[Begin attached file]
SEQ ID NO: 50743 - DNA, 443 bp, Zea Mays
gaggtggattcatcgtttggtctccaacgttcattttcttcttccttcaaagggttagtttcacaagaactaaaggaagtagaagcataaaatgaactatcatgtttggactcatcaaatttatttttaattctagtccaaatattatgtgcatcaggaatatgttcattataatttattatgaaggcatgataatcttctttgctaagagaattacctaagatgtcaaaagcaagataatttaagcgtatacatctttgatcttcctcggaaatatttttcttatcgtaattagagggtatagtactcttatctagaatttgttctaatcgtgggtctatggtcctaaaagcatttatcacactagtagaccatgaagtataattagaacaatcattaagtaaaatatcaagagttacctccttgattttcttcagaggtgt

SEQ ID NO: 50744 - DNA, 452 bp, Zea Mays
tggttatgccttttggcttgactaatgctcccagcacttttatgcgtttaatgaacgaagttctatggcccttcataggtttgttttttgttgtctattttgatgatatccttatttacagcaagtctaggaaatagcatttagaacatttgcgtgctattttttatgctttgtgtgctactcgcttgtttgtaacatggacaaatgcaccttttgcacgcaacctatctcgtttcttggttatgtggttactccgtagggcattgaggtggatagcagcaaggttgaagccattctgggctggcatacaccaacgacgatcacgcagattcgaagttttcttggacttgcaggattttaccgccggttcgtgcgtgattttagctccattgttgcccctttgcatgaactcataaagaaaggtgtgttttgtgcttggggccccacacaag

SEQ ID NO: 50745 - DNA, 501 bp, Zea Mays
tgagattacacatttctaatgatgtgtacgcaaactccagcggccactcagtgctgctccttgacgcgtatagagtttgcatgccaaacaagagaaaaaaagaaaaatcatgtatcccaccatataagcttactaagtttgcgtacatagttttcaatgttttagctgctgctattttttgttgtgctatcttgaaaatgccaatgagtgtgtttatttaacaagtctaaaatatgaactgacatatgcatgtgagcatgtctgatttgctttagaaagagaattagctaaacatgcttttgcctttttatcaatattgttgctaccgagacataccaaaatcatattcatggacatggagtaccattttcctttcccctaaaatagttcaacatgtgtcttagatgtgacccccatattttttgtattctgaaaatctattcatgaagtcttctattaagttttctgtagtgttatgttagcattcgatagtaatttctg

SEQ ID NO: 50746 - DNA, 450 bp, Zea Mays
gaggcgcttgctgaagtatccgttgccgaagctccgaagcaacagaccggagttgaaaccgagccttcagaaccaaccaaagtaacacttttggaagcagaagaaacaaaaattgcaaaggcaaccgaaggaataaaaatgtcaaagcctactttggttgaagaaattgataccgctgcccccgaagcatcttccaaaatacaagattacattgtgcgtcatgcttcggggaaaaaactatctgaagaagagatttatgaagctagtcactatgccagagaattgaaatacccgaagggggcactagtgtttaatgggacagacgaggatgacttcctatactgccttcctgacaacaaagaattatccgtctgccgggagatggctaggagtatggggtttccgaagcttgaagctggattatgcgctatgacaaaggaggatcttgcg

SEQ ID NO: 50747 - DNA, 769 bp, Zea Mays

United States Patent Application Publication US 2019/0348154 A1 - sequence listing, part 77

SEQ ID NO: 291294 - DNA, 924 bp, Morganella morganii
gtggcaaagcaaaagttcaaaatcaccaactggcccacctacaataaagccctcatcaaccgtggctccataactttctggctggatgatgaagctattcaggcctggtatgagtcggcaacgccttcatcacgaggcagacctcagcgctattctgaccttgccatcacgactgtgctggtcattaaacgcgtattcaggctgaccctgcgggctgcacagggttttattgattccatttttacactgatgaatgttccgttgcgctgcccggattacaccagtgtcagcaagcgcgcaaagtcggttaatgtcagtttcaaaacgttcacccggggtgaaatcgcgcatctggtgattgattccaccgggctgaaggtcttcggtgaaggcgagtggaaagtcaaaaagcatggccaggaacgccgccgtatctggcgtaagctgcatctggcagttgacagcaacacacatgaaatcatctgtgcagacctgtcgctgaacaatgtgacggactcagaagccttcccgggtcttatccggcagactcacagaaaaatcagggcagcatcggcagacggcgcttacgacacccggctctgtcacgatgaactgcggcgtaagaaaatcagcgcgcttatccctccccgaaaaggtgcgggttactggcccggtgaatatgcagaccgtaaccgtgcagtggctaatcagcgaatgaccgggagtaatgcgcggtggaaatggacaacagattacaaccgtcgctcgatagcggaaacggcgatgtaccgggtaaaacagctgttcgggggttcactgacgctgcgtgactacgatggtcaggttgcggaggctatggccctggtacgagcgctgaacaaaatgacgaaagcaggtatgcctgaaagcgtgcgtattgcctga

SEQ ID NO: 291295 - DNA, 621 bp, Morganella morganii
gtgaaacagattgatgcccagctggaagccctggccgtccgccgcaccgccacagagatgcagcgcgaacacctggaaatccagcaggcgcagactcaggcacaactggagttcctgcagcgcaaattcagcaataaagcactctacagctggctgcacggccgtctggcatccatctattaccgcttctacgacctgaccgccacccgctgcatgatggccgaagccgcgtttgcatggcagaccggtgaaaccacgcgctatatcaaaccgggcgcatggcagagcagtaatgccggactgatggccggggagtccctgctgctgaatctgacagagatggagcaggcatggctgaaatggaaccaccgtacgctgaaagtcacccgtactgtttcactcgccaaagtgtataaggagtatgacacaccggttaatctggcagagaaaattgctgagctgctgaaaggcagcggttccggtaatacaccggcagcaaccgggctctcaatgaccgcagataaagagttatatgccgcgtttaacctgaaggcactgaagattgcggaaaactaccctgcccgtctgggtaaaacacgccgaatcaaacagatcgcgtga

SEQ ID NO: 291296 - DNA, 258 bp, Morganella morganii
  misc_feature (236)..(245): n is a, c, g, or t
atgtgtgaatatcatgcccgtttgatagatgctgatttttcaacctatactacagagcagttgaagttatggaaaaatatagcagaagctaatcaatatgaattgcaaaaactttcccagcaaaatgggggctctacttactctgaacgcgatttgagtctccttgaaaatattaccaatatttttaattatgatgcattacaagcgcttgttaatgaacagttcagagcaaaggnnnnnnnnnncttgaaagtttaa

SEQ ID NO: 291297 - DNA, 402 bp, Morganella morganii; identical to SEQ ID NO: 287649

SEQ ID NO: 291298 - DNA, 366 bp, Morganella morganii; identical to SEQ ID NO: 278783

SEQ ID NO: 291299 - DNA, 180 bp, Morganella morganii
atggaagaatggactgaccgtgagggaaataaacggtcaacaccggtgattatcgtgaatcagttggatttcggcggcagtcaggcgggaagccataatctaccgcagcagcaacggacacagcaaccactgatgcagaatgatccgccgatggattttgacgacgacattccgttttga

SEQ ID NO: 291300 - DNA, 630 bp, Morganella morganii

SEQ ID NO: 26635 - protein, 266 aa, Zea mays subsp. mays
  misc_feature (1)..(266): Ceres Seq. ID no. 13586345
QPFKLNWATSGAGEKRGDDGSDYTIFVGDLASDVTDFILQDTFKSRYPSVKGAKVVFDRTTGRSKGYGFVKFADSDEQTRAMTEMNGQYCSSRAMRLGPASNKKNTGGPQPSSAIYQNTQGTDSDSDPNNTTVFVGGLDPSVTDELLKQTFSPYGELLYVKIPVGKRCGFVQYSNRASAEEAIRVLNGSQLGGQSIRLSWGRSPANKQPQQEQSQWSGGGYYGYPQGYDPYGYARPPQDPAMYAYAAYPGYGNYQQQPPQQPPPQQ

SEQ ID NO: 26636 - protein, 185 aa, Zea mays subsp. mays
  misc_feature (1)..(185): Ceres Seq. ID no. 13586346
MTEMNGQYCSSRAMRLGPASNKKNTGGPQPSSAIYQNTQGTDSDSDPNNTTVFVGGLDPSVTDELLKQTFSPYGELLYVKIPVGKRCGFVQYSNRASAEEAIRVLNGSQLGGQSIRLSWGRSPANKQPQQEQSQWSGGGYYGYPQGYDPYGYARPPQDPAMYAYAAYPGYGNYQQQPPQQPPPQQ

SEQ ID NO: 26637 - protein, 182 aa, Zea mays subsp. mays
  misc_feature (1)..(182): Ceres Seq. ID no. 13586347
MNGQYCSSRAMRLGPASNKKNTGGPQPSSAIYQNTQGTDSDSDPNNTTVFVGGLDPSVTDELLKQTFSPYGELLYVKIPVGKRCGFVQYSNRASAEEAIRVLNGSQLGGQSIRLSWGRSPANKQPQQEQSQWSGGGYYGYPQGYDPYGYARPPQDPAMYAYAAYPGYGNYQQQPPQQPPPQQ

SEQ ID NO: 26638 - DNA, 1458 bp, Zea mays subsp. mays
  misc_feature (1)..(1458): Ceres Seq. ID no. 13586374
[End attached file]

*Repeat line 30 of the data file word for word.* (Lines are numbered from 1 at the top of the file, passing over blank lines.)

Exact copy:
  misc_feature (1)..(182): Ceres Seq. ID no. 13586347